recently i was asked to sign the signature capture device 3 times because my first signatures didnt go through. 'go thru what?' i asked. the cashier was either ignorant or didnt wanna let me in on the secret. think about it: she asked for my zip code, my phone number and she had my debit card account number and my signature. because i had a best buy card, they also sometimes asked for my social at the counter. i signed it incorrectly a second time because i really have no idea what my sig looks like.

now i only use cash. i dont give away personal information. they dont need it. i've been giving my zip code and phone number for years - and i've never seen any change in the store's products. its supposed to personalize the experience so that the store wont waste money on things the local populace doesnt buy. but i dont see why they need my signature and social in a database.

best buy, you wanna help me? tell that fat bouncer at the door to worry less about seeing my receipt and more about helping me get my purchace thru the friggin door. its insulting. as if i'd come off register 1 with a PC and an HD TV, after giving them my social, zip code, phone number and signature, then scan my debit card, smile at the camera above the door and then make a run for it.

now i shop for electronics online. if and when i do venture to a circuit city or best buy - i use cash only and i give false information.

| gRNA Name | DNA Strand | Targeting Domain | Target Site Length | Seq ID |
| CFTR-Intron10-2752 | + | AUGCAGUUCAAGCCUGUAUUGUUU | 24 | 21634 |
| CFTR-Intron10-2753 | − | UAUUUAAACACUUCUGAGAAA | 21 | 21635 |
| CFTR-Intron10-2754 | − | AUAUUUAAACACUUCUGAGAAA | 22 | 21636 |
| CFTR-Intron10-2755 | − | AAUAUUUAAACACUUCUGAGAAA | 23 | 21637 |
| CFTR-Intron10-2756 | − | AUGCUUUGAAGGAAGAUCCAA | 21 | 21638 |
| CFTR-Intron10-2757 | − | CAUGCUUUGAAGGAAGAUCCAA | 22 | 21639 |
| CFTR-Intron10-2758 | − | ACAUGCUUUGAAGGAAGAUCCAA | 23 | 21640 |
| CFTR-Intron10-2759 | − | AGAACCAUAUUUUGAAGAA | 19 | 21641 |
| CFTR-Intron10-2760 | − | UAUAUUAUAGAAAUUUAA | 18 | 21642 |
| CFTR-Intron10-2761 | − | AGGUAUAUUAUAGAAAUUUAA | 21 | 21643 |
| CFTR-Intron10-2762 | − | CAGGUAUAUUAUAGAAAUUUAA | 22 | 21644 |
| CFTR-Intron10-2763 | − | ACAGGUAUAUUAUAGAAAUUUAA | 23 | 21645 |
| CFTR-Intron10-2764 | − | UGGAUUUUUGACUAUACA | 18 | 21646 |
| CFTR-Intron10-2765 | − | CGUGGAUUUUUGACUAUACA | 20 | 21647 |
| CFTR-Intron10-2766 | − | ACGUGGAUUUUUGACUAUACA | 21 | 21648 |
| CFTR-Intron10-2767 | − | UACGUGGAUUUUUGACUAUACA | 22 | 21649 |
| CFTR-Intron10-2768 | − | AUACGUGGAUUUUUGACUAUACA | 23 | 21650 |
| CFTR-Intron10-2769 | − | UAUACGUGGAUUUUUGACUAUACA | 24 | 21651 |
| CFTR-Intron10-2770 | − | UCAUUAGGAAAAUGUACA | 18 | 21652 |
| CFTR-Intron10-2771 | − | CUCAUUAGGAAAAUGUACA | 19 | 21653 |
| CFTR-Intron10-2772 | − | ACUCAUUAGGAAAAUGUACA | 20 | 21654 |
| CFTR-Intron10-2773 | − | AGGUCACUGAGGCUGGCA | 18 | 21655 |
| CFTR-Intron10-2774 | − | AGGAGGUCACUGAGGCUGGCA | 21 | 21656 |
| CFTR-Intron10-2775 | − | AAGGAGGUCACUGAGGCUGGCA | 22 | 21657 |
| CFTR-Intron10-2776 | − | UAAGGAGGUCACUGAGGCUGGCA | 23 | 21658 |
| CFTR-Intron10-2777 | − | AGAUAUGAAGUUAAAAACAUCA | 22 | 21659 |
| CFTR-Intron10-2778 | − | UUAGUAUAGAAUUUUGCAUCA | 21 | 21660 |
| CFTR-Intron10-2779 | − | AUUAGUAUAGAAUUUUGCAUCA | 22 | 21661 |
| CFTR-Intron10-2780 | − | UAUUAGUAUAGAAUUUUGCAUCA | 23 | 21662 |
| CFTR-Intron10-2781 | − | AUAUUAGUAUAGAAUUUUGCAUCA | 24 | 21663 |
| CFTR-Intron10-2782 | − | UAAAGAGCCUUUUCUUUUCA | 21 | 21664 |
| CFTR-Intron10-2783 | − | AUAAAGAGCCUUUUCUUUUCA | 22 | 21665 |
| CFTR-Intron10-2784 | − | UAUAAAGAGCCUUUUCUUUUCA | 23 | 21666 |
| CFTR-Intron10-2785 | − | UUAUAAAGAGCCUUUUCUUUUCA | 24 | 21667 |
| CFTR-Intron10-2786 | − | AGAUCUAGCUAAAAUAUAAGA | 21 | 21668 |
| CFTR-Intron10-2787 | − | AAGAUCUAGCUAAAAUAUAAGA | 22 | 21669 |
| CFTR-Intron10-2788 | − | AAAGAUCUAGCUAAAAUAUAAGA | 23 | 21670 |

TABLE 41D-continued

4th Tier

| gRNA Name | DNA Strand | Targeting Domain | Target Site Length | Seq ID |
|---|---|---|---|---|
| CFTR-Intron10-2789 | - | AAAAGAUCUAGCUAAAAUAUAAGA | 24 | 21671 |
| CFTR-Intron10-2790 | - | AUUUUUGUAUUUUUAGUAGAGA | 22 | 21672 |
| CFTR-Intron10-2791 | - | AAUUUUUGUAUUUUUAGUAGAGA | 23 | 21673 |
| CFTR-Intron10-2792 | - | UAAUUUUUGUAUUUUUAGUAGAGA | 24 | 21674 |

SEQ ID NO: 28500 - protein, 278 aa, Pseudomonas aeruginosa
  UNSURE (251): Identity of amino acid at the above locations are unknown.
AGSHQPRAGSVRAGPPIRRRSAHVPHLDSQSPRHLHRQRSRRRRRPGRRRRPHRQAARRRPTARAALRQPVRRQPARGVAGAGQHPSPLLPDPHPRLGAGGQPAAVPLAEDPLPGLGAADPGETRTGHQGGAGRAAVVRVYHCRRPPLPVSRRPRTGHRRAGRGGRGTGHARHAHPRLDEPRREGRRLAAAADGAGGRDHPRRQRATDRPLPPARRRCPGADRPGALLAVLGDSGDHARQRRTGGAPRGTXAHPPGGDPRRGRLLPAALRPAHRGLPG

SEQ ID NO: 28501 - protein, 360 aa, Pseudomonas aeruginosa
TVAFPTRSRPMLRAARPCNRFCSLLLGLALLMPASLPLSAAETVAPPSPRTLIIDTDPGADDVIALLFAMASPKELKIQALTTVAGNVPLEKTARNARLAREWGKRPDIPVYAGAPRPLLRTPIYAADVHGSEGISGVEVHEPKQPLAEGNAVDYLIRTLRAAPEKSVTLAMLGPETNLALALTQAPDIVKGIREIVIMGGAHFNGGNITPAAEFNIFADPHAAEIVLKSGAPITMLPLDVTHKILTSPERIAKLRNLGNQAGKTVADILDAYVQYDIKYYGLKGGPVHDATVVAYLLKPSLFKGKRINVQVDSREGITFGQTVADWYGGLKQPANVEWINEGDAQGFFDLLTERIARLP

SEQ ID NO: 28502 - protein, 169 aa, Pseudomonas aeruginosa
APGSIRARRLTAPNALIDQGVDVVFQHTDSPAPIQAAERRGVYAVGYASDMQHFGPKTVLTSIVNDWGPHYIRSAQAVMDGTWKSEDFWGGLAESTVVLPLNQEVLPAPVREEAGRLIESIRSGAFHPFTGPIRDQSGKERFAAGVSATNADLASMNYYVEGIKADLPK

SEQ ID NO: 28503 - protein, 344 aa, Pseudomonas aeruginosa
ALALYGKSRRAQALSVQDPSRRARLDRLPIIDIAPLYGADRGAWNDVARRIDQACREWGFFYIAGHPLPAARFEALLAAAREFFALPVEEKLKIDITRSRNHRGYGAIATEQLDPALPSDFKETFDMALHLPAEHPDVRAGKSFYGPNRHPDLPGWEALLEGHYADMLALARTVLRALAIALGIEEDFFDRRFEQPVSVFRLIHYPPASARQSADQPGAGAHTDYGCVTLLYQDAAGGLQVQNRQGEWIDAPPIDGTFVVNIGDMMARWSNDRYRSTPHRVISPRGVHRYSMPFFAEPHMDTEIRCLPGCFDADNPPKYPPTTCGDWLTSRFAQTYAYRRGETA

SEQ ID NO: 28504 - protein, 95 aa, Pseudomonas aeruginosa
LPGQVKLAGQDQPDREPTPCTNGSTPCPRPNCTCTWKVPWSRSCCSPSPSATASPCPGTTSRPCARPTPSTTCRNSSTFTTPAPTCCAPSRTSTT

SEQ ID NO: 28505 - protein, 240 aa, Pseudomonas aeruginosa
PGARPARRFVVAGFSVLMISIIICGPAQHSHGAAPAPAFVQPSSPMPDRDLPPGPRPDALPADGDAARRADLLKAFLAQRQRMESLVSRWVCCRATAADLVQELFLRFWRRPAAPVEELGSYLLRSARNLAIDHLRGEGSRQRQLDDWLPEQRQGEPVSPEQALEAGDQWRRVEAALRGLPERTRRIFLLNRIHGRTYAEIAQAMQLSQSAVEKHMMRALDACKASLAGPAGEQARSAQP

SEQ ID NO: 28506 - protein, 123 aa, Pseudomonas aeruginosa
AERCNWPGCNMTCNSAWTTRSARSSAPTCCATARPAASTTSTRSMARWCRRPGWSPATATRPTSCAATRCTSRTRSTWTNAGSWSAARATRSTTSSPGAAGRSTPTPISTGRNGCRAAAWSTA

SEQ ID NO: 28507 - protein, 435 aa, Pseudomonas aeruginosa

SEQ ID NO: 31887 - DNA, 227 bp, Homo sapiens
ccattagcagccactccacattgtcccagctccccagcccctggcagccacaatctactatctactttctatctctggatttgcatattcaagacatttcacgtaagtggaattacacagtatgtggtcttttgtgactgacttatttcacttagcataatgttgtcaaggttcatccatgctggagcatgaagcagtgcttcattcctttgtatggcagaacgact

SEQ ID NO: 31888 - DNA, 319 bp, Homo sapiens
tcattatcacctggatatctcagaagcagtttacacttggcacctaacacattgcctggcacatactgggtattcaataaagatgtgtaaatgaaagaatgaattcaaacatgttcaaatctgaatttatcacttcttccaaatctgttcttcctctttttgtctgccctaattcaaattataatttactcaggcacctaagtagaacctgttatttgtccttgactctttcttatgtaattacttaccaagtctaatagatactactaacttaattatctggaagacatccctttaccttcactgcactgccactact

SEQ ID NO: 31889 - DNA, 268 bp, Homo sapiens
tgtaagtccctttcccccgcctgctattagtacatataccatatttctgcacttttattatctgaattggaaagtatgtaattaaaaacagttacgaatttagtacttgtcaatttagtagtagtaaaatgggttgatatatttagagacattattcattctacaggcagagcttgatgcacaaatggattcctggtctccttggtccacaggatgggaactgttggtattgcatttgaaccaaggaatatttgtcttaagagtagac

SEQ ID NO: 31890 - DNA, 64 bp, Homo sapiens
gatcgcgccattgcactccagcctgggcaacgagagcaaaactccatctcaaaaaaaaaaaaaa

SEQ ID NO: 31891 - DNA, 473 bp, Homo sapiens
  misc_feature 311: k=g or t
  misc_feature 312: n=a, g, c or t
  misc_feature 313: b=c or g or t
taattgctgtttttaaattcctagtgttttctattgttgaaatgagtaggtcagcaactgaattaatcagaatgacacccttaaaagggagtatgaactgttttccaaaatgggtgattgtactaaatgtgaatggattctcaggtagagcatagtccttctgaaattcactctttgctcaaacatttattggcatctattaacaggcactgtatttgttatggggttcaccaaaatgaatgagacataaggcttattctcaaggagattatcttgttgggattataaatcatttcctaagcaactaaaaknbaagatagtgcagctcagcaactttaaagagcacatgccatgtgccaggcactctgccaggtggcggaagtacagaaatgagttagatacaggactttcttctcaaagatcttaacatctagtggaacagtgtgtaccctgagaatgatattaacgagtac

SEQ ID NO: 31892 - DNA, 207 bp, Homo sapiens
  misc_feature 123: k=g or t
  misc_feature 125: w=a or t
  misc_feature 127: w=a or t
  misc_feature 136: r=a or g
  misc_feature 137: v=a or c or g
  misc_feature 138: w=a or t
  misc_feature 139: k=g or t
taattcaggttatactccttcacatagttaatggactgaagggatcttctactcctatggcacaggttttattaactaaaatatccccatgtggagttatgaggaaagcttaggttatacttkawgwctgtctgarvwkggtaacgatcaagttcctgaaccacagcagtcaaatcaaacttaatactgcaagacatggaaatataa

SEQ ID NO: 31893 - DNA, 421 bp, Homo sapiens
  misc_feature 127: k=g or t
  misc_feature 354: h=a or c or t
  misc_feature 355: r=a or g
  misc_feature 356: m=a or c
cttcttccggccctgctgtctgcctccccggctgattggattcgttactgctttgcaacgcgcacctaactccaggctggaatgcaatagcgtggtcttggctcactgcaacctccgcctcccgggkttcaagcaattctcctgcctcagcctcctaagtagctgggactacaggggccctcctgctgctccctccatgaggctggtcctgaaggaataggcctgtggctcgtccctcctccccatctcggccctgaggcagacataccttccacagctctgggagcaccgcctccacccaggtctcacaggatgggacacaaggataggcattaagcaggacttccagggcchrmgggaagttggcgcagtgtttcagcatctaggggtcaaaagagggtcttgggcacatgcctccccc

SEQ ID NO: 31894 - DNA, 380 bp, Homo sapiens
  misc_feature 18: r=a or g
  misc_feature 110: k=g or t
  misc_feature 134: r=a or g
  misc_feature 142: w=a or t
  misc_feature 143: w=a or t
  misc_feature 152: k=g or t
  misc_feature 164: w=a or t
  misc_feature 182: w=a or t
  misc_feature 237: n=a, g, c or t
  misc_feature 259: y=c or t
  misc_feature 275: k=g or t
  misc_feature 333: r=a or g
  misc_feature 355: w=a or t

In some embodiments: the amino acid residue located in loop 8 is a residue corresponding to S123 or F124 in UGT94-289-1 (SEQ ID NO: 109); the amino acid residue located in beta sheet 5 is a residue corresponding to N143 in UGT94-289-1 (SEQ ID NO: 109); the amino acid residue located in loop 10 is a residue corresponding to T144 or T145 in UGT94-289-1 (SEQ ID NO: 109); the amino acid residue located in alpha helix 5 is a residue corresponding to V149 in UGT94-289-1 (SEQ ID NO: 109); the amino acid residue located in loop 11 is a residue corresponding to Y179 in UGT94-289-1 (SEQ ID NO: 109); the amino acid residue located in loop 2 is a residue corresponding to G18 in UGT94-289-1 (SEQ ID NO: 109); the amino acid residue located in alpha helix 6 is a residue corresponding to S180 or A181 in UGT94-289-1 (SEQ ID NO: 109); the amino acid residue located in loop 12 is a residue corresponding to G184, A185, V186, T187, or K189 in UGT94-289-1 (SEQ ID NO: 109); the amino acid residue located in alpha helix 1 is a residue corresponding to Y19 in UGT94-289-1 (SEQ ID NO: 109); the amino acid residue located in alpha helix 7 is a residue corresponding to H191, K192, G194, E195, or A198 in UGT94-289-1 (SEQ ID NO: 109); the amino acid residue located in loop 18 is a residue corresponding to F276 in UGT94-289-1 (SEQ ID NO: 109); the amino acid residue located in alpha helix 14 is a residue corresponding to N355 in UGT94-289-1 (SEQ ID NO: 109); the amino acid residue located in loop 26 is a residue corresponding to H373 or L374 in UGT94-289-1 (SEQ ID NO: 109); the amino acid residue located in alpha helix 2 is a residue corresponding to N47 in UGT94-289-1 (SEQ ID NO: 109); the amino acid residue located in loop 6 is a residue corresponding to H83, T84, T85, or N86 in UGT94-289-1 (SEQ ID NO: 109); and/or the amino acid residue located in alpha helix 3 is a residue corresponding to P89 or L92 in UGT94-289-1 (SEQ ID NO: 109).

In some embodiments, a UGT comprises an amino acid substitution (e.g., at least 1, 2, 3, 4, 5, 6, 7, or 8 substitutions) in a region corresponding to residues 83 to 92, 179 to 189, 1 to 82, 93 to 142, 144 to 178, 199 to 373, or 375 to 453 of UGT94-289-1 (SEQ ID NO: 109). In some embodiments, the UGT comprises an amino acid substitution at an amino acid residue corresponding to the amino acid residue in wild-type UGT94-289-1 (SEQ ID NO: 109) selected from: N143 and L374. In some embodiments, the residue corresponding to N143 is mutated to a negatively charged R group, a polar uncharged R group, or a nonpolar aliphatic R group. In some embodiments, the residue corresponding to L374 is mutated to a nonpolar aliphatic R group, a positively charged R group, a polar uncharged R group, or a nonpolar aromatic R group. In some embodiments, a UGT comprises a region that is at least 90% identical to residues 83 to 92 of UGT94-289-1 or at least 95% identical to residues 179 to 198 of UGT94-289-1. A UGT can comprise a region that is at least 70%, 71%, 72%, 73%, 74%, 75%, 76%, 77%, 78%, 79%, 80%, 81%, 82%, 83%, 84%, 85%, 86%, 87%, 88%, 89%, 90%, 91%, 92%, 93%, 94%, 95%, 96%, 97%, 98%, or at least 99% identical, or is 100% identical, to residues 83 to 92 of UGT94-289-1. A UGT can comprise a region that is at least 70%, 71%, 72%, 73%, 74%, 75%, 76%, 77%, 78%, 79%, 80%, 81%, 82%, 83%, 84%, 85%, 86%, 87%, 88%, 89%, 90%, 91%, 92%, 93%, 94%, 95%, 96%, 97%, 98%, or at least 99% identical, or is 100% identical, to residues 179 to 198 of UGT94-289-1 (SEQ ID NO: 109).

Posted by davaal (74 comments )
Reply Link Flag
I've known this for years
I can see you having to give your PIN and CC card number for purchases but you mention social. Is that your Social Security No.? Never give that to anybody,especially when someone could access it. With that they can retrieve any info about you,ie:medical,legal etc. Not very good if they have that. Cash is the best way.
Posted by penso (7 comments )
Link Flag
Why a Switch?
Why would ANY business ever want to save customer acct numbers and PINs? Why should any software EVER have a switch that the end-user business must "remember" to turn off? Software like that should never have been written.

mark d.
Posted by markdoiron (1138 comments )
Reply Link Flag
intentional theft
Why are words like 'inadvertently', 'accidentally', and 'forget to turn
off' used in this article? It makes it sound like it was a simple
mistake that this happened.

It was purposeful hacking done to facilitate theft. There is no other
reason why a PIN should be stored at a merchant.
Posted by hercules0 (1 comment )
Reply Link Flag
intentional theft & Accessories to a Crime
Yes you are right.

The PINS were intentionally stored and then intentionally used -- perhaps by a different party than the party who stored the PINs.

But doesn't this storage transgression make for two crimes?

A: Storing the personal information breaks their contractual legal obligations.

B. And AIDING and ABETTING the thieves, by providing data ("accidently" or otherwise) should make OfficeMax at least an ACCESSORY to that felony.

These companies should be punished on both counts.
Posted by GreenPlastics (1 comment )
Link Flag
Won't Biometrics Solve This Problem?
Why don't they (CC companies) just go with Biometrics (home and
retail) and be done with the fraud thing?
Posted by mikeallgaier (1 comment )
Reply Link Flag
Dont have your thinking cap on?
If they are currently storing your pin... whats to stop them from storing a copy of your biometrics?
Posted by volterwd (466 comments )
Link Flag
Biometric devices are prone to error (false-positive and false-negative error rates both high). Some people would find that their fingers will never scan right and will get frustrated, others will find that almost anyone's fingers will scan just as their own.
Posted by Zymurgist (397 comments )
Link Flag
No - biometrics won't solve the problem
Hi there,